Giving and Accepting Notice
If the employer or employee wishes to end the employment relationship they must give each other notice.
When an employment contract is ending the employer and employee have certain rights in terms of the notice period. Usually when an employee or employer decides to end the employment they must give each other a minimum period of notice (e.g. two weeks / a month / three months).
If you have been employed for a month or more, you must give the employer at least one week's notice before you leave.
The employer must give an employee:
- at least one week's notice (if they have been employed for a month or more)
- at least two weeks’ notice after two years of service/employment
- at least three weeks’ after three years and so on up to 12 weeks’ after 12 years or more.
(These are known as ‘statutory’ notice periods because they are required by law).
However, the employer or the employee will be entitled to a longer period of notice if it says so in their contract of employment.
Most employees are entitled to payment during the statutory notice period.
If they wish to, employees can give up their right to be given notice that their employment is ending. They can also give up their right to receiving payment instead of working their notice (Pay in Lieu of Notice – PILON). Employers can also give up their right to receive notice from the employee that he/she is leaving.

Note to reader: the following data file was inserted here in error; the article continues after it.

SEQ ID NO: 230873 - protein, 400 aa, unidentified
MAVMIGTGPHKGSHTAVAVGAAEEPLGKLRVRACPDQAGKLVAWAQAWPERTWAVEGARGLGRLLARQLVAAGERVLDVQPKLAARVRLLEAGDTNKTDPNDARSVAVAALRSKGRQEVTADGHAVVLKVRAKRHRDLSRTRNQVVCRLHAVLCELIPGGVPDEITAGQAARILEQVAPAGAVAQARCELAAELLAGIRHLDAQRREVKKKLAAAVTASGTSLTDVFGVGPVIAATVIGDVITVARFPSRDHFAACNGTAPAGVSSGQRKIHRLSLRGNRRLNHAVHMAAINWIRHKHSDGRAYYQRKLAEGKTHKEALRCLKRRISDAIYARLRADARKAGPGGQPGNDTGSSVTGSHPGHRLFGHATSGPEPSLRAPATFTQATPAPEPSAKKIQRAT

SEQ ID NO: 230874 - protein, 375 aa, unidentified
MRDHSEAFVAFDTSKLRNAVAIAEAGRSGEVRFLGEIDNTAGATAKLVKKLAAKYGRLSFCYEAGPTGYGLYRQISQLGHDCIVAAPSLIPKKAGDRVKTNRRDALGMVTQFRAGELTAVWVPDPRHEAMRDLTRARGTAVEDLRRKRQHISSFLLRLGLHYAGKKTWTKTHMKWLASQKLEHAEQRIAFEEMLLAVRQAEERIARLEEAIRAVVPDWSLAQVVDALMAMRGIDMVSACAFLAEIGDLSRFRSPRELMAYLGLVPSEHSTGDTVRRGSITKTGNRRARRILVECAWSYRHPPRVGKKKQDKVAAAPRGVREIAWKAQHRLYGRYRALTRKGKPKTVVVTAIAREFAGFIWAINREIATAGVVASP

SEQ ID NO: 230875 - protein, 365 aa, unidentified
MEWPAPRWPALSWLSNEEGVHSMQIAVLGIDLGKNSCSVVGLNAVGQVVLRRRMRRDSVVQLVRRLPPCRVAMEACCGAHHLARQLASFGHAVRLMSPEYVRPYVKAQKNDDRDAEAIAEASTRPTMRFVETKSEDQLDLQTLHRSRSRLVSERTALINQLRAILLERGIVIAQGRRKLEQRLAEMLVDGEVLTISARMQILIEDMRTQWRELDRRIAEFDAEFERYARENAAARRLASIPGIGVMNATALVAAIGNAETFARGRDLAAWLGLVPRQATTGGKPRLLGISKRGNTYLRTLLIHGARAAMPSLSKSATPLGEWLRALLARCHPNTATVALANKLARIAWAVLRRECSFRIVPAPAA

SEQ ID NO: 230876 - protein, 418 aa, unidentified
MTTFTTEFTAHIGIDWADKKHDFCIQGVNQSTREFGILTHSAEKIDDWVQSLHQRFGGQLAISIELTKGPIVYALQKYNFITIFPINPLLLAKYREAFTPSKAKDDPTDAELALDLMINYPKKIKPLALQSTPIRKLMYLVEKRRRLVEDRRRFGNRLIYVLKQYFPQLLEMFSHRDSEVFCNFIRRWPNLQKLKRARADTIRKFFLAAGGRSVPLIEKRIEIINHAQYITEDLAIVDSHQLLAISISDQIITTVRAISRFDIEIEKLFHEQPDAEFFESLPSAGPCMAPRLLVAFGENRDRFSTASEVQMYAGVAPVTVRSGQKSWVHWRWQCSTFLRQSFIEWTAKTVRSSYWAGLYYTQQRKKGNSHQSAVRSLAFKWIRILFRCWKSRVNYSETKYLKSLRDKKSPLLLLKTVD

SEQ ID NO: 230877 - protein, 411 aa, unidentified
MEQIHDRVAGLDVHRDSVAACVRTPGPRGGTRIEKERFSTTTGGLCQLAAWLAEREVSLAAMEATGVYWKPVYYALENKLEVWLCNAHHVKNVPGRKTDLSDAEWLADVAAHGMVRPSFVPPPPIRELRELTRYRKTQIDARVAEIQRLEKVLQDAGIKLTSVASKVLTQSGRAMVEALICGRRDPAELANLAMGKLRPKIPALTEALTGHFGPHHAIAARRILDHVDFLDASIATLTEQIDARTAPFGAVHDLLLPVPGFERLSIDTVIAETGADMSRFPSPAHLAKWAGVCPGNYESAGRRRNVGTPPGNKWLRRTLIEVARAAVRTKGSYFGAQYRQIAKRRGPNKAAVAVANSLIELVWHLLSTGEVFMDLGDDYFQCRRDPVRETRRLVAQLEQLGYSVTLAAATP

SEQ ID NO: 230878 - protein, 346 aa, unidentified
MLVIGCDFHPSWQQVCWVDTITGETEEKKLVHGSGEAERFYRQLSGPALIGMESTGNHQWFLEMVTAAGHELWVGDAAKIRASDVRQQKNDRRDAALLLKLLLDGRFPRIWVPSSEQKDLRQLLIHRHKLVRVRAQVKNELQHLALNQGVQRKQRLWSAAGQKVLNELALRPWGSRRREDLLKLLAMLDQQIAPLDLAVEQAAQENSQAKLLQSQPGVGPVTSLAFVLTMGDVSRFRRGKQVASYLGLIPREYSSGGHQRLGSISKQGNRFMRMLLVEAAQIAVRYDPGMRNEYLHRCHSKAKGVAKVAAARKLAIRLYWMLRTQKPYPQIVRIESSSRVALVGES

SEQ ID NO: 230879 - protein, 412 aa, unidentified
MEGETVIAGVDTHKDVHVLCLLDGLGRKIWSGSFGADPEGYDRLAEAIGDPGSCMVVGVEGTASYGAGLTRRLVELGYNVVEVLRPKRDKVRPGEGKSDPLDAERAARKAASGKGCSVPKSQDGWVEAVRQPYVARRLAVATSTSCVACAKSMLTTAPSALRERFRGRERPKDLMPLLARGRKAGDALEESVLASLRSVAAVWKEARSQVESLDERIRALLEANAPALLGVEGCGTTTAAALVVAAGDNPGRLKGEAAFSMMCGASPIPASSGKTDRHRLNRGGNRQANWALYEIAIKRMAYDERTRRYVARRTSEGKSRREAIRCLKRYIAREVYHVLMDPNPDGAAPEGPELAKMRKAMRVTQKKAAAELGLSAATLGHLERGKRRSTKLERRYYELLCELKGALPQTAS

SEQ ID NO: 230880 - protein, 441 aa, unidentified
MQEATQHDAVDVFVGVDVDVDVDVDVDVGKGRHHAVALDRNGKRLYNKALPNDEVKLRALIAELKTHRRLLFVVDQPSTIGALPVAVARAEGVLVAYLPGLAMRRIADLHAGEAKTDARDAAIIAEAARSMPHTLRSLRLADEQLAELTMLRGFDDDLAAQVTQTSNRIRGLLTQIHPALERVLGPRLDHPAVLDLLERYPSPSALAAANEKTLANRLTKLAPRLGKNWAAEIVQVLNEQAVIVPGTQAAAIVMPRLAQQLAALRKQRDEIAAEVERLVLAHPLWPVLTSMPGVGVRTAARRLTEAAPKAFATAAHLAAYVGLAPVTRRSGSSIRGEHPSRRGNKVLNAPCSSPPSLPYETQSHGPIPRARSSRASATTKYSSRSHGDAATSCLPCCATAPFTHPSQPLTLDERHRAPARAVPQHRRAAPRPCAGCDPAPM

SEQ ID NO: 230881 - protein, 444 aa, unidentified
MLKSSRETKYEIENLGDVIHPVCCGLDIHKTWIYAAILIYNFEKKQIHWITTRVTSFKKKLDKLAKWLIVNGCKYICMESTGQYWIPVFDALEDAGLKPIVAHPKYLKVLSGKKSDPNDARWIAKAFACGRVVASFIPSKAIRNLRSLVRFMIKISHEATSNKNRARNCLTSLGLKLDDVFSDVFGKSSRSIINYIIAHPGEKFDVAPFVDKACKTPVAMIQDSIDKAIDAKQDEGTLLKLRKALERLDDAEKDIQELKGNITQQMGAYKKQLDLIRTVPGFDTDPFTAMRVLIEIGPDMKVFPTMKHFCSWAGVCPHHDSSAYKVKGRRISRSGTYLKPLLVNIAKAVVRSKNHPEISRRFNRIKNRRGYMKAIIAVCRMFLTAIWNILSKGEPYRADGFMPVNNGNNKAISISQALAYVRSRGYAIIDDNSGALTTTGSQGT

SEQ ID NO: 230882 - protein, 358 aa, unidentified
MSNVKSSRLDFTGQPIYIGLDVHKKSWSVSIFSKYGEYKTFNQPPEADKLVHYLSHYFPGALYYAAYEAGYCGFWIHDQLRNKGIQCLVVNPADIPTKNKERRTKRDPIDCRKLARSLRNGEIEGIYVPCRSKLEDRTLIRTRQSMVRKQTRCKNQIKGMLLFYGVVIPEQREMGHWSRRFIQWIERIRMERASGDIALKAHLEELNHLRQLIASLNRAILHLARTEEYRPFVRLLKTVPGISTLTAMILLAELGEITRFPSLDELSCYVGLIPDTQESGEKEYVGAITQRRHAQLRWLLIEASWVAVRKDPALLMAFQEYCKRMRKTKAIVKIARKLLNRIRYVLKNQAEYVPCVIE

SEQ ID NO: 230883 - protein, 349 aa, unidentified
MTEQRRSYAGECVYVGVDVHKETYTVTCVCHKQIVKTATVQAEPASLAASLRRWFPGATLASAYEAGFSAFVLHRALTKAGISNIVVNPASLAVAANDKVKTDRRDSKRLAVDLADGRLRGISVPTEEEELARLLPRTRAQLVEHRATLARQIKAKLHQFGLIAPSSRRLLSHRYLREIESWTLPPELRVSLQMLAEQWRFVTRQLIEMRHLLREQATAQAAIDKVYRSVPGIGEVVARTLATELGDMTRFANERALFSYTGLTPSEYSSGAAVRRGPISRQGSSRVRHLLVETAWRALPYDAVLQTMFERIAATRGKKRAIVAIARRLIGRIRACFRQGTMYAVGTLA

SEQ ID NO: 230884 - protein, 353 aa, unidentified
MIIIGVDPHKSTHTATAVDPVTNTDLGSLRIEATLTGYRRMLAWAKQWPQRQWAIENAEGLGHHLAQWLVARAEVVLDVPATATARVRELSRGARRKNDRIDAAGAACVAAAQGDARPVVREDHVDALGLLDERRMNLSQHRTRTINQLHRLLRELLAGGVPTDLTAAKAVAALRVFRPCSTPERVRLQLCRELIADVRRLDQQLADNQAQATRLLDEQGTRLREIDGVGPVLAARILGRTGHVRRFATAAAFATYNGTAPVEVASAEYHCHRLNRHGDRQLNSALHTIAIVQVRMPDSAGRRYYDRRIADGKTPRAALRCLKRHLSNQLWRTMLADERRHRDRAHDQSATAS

Pay in Lieu of Notice (PILON)
Sometimes the employee does not need to work their notice and a sum of money can be paid to them instead. This is known as Pay in Lieu of Notice or PILON. Doing this is only lawful if the contract of employment clearly says it is allowed, or if the employer and employee discuss it and both agree to it. If the employer tries to force the employee to take payment in lieu of notice, even though it is not set out clearly in the employment contract and the employee does not agree to it, it could be seen as a breach of contract.
Effective Date of Termination
The Effective Date of Termination is usually the last day worked, unless the employee is on a period of ‘Gardening Leave’. Gardening leave is when the employee is paid as usual during the notice period but does not have to work it. When that happens the Effective Date of Termination is usually the date the notice period ends.